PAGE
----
The ‘leave-it-alone liquidationists’ headed by Secretary of the Treasury Mellon…felt that government must keep its hands off and let the slump liquidate itself. Mr. Mellon had only one formula: ‘Liquidate labor, liquidate stocks, liquidate the farmers, liquidate real estate’.…He held that even panic was not altogether a bad thing. He said: ‘It will purge the rottenness out of the system. High costs of living and high living will come down. People will work harder, live a more moral life. Values will be adjusted, and enterprising people will pick up the wrecks from less competent people’.



The Federal Reserve took almost no steps to halt the slide into the Great Depression over 1929–33. Instead, the Federal Reserve acted as if appropriate policy was not to try to avoid the oncoming Great Depression, but to allow it to run its course and “liquidate” the unprofitable portions of the private economy.

In adopting such “liquidationist” policies, the Federal Reserve was merely following the recommendations provided by an economic theory of depressions that was in fact common before the Keynesian Revolution and was held by economists like Friedrich Hayek, Lionel Robbins, and Joseph Schumpeter.
 

Rshermr

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Keynes vs Hayek

I'll take Hayek and lay the points.
Hey Jethro, can you name any country whose economy is Austrian school based?

Oh, that's right...America, before Keynesian economics ended the Great Depression. You know, the Great Depression, the one caused by following Hayek...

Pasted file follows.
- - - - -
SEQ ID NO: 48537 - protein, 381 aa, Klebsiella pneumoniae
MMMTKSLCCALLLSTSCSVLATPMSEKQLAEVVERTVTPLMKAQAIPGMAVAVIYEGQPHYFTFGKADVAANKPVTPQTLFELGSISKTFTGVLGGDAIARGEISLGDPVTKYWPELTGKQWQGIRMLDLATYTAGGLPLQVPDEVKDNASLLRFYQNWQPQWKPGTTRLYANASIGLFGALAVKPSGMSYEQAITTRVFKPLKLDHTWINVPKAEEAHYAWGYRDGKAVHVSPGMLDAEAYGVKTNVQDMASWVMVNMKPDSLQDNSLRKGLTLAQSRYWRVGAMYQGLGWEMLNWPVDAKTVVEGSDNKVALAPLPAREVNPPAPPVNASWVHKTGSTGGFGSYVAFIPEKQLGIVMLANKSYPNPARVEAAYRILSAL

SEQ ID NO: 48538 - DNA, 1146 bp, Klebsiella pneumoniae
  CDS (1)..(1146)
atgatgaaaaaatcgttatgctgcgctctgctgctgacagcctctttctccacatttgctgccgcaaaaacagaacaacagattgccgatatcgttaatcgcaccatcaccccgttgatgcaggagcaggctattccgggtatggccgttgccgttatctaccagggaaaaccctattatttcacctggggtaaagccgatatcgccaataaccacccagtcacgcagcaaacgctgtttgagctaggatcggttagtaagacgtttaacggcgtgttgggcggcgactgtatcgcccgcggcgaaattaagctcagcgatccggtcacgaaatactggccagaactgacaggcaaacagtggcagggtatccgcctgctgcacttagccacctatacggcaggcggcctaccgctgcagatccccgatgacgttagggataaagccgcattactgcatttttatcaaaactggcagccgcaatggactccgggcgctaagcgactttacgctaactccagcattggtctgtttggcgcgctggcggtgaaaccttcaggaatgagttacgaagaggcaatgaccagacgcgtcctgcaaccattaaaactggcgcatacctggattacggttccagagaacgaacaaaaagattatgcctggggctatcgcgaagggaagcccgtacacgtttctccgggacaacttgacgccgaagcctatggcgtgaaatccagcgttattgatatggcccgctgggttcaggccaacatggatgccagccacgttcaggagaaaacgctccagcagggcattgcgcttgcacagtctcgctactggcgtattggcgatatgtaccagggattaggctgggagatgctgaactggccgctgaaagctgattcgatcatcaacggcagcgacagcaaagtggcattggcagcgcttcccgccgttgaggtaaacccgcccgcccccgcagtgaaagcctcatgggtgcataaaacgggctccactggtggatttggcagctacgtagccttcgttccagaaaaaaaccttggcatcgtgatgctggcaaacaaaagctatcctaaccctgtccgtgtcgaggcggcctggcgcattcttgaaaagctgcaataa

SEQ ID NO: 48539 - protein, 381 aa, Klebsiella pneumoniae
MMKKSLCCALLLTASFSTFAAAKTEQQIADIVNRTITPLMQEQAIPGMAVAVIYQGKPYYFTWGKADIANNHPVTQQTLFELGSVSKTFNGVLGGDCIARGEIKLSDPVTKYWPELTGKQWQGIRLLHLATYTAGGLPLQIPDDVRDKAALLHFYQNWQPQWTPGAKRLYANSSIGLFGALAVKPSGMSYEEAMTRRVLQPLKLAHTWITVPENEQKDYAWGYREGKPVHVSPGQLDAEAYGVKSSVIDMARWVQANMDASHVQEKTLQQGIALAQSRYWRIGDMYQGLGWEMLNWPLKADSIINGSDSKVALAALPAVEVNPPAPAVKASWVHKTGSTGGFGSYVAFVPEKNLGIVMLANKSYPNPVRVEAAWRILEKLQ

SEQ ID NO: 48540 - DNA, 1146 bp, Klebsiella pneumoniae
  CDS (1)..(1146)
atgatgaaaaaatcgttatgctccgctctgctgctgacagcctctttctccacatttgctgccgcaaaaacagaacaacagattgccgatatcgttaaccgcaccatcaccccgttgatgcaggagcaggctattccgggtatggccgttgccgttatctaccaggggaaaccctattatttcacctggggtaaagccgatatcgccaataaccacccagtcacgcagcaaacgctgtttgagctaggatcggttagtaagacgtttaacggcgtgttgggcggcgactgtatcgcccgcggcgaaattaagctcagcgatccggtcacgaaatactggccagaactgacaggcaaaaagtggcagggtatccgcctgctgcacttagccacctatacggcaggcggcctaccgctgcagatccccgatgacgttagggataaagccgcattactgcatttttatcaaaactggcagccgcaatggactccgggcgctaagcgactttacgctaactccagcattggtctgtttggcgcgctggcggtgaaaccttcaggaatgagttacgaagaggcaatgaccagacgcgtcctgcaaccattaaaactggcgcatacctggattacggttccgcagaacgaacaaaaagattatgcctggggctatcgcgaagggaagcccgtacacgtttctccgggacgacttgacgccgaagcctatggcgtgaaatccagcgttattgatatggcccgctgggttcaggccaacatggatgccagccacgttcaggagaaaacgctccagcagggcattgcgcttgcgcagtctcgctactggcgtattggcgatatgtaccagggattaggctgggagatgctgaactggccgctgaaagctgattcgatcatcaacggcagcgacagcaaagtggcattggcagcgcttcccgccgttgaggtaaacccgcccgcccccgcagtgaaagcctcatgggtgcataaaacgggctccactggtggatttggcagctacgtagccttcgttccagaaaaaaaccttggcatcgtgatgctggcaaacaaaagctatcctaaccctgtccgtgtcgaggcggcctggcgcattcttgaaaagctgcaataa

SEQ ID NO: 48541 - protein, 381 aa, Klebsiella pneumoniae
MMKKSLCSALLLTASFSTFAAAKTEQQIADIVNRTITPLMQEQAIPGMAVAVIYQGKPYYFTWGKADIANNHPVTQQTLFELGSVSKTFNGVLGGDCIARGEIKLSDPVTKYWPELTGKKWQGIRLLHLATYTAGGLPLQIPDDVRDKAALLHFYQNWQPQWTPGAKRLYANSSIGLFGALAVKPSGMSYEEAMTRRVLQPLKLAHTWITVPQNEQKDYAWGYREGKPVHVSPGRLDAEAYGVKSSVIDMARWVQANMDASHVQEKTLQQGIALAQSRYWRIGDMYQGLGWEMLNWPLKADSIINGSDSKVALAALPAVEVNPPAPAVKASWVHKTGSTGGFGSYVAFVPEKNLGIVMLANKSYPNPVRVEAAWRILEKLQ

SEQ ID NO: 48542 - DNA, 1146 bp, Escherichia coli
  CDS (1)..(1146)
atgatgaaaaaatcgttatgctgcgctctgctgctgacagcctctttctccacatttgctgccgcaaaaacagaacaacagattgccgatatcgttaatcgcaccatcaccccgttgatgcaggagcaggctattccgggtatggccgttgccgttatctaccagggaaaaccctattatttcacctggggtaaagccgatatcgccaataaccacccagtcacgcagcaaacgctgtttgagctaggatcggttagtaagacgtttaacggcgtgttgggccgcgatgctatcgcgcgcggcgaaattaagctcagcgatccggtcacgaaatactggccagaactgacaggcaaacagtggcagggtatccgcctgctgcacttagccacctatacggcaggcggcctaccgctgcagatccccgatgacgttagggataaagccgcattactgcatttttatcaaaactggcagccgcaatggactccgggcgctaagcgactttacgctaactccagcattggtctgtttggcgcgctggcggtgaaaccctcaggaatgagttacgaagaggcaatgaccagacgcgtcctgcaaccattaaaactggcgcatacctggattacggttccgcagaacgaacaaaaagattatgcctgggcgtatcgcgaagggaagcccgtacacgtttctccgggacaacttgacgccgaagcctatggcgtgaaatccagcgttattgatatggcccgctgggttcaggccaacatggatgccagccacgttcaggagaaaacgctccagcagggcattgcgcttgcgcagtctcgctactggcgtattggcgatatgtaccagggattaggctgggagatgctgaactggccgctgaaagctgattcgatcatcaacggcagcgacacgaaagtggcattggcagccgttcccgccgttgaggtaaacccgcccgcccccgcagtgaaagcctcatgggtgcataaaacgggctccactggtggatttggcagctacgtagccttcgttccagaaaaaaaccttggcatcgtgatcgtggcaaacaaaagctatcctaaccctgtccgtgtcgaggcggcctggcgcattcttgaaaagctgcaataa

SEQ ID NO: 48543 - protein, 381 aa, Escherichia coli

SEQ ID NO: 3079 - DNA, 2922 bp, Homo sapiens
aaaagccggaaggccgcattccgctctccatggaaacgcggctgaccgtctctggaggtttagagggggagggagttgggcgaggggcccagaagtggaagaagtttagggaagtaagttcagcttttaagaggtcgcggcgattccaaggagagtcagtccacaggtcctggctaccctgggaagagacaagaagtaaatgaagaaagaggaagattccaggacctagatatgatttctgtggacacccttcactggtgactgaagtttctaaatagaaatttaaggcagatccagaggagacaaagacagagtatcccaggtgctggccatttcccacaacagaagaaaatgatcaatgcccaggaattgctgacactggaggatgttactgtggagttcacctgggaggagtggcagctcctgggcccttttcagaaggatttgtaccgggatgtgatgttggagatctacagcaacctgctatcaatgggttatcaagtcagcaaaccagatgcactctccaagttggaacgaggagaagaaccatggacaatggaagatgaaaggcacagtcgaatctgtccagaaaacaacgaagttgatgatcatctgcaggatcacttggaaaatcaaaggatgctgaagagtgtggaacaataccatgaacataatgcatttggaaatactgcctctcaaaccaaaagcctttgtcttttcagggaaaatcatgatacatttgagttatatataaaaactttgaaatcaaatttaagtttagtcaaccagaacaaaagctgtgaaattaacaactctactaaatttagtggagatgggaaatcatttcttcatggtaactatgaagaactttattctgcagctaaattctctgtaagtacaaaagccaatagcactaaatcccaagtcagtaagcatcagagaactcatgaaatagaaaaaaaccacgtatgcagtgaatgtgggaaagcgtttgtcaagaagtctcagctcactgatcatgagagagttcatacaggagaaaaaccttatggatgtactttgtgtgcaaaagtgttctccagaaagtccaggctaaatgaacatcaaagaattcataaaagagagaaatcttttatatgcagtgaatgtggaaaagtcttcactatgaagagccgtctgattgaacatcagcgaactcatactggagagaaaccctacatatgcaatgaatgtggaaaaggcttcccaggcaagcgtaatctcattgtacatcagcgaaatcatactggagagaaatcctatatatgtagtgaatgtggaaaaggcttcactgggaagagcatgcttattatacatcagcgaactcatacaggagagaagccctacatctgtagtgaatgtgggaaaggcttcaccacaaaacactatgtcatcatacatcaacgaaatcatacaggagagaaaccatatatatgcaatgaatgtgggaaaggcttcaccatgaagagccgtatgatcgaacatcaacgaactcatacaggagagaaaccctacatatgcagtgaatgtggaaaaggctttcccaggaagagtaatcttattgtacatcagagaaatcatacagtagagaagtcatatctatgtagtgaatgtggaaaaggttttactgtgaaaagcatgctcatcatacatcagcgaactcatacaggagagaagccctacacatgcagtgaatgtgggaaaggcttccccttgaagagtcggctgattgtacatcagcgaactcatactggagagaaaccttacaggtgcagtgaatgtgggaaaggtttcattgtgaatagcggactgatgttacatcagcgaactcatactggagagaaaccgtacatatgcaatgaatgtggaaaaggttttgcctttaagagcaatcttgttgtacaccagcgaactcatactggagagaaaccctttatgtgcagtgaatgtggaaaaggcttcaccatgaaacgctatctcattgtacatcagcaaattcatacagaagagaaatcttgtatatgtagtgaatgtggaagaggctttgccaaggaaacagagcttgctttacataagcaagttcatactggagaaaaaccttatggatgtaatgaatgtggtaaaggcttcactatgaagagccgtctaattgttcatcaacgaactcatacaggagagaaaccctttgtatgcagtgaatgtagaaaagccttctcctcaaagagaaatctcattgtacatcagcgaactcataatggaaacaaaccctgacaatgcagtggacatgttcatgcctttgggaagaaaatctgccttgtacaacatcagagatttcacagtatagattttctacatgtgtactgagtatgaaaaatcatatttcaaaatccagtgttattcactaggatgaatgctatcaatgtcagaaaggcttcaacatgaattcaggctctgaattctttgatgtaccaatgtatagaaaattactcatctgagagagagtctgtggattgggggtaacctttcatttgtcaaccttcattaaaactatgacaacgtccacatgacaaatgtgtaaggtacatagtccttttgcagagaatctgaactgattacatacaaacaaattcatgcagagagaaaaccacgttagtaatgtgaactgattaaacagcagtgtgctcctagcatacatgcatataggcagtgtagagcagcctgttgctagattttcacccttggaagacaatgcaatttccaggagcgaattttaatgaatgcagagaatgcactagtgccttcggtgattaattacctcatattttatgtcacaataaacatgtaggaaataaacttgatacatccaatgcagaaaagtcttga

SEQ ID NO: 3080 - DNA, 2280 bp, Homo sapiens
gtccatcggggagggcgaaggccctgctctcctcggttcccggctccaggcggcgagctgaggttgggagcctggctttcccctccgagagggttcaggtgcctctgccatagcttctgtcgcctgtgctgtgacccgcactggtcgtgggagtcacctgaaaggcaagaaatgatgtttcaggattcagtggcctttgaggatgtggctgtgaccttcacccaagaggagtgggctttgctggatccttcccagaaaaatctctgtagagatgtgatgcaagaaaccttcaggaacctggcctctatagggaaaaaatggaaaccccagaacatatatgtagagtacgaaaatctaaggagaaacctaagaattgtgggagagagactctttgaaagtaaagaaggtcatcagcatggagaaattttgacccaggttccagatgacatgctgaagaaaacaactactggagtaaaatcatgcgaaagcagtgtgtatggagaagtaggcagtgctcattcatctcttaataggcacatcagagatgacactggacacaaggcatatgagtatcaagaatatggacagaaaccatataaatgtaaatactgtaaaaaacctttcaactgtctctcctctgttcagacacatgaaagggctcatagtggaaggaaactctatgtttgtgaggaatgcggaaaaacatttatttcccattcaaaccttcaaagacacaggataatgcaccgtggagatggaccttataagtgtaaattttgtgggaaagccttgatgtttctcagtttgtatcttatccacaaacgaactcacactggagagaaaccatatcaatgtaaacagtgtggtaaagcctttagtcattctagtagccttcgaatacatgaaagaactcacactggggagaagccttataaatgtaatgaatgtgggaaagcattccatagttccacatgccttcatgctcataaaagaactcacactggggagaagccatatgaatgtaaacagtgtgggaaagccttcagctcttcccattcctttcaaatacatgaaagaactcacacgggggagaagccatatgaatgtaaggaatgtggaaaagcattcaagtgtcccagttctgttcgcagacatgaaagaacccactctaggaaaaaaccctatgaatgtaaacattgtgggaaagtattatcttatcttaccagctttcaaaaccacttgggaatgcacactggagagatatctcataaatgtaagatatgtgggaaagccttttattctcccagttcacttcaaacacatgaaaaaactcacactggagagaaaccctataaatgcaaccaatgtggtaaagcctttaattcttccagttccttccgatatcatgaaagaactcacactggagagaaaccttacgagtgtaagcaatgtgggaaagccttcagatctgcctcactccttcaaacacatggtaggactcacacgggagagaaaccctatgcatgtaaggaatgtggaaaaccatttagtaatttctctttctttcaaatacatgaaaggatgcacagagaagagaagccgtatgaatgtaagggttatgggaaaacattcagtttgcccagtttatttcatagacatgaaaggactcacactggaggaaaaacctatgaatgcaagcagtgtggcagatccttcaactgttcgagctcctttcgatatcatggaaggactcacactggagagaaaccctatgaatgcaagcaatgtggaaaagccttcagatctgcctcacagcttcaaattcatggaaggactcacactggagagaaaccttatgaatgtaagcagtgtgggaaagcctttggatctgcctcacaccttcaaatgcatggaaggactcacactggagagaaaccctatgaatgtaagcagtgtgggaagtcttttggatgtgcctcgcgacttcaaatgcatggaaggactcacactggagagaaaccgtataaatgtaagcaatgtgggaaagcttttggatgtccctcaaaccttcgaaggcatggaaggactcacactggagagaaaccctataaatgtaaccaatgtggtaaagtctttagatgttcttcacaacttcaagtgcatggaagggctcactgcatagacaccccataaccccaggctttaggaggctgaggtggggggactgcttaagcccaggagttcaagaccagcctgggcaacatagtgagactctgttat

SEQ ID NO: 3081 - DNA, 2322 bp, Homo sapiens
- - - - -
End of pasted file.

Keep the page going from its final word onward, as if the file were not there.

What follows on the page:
Economic Policy Under Hoover

Throughout this decline—which carried real GNP per worker down to a level 40 percent below that which it had attained in 1929, and which saw the unemployment rise to take in more than a quarter of the labor force—the government did not try to prop up aggregate demand. The only expansionary fiscal policy action undertaken was the Veterans’ Bonus, passed over President Hoover’s veto. That aside, the full employment budget surplus did not fall over 1929–33.

The Federal Reserve did not use open market operations to keep the nominal money supply from falling. Instead, its only significant systematic use of open market operations was in the other direction: to raise interest rates and discourage gold outflows after the United Kingdom abandoned the gold standard in the fall of 1931.

This inaction did not come about because they did not understand the tools of monetary policy. This inaction did not come about because the Federal Reserve was constrained by the necessity of defending the gold standard. The Federal Reserve knew what it was doing: it was letting the private sector handle the Depression in its own fashion. It saw the private sector’s task as the “liquidation” of the American economy. It feared that expansionary monetary policy would impede the necessary private-sector process of readjustment.

Contemplating in retrospect the wreck of his country’s economy and his own presidency, Herbert Hoover wrote bitterly in his memoirs about those who had advised inaction during the downslide:

The ‘leave-it-alone liquidationists’ headed by Secretary of the Treasury Mellon…felt that government must keep its hands off and let the slump liquidate itself. Mr. Mellon had only one formula: ‘Liquidate labor, liquidate stocks, liquidate the farmers, liquidate real estate’.…He held that even panic was not altogether a bad thing. He said: ‘It will purge the rottenness out of the system. High costs of living and high living will come down. People will work harder, live a more moral life. Values will be adjusted, and enterprising people will pick up the wrecks from less competent people’.



The Federal Reserve took almost no steps to halt the slide into the Great Depression over 1929–33. Instead, the Federal Reserve acted as if appropriate policy was not to try to avoid the oncoming Great Depression, but to allow it to run its course and “liquidate” the unprofitable portions of the private economy.

In adopting such “liquidationist” policies, the Federal Reserve was merely following the recommendations provided by an economic theory of depressions that was in fact common before the Keynesian Revolution and was held by economists like Friedrich Hayek, Lionel Robbins, and Joseph Schumpeter.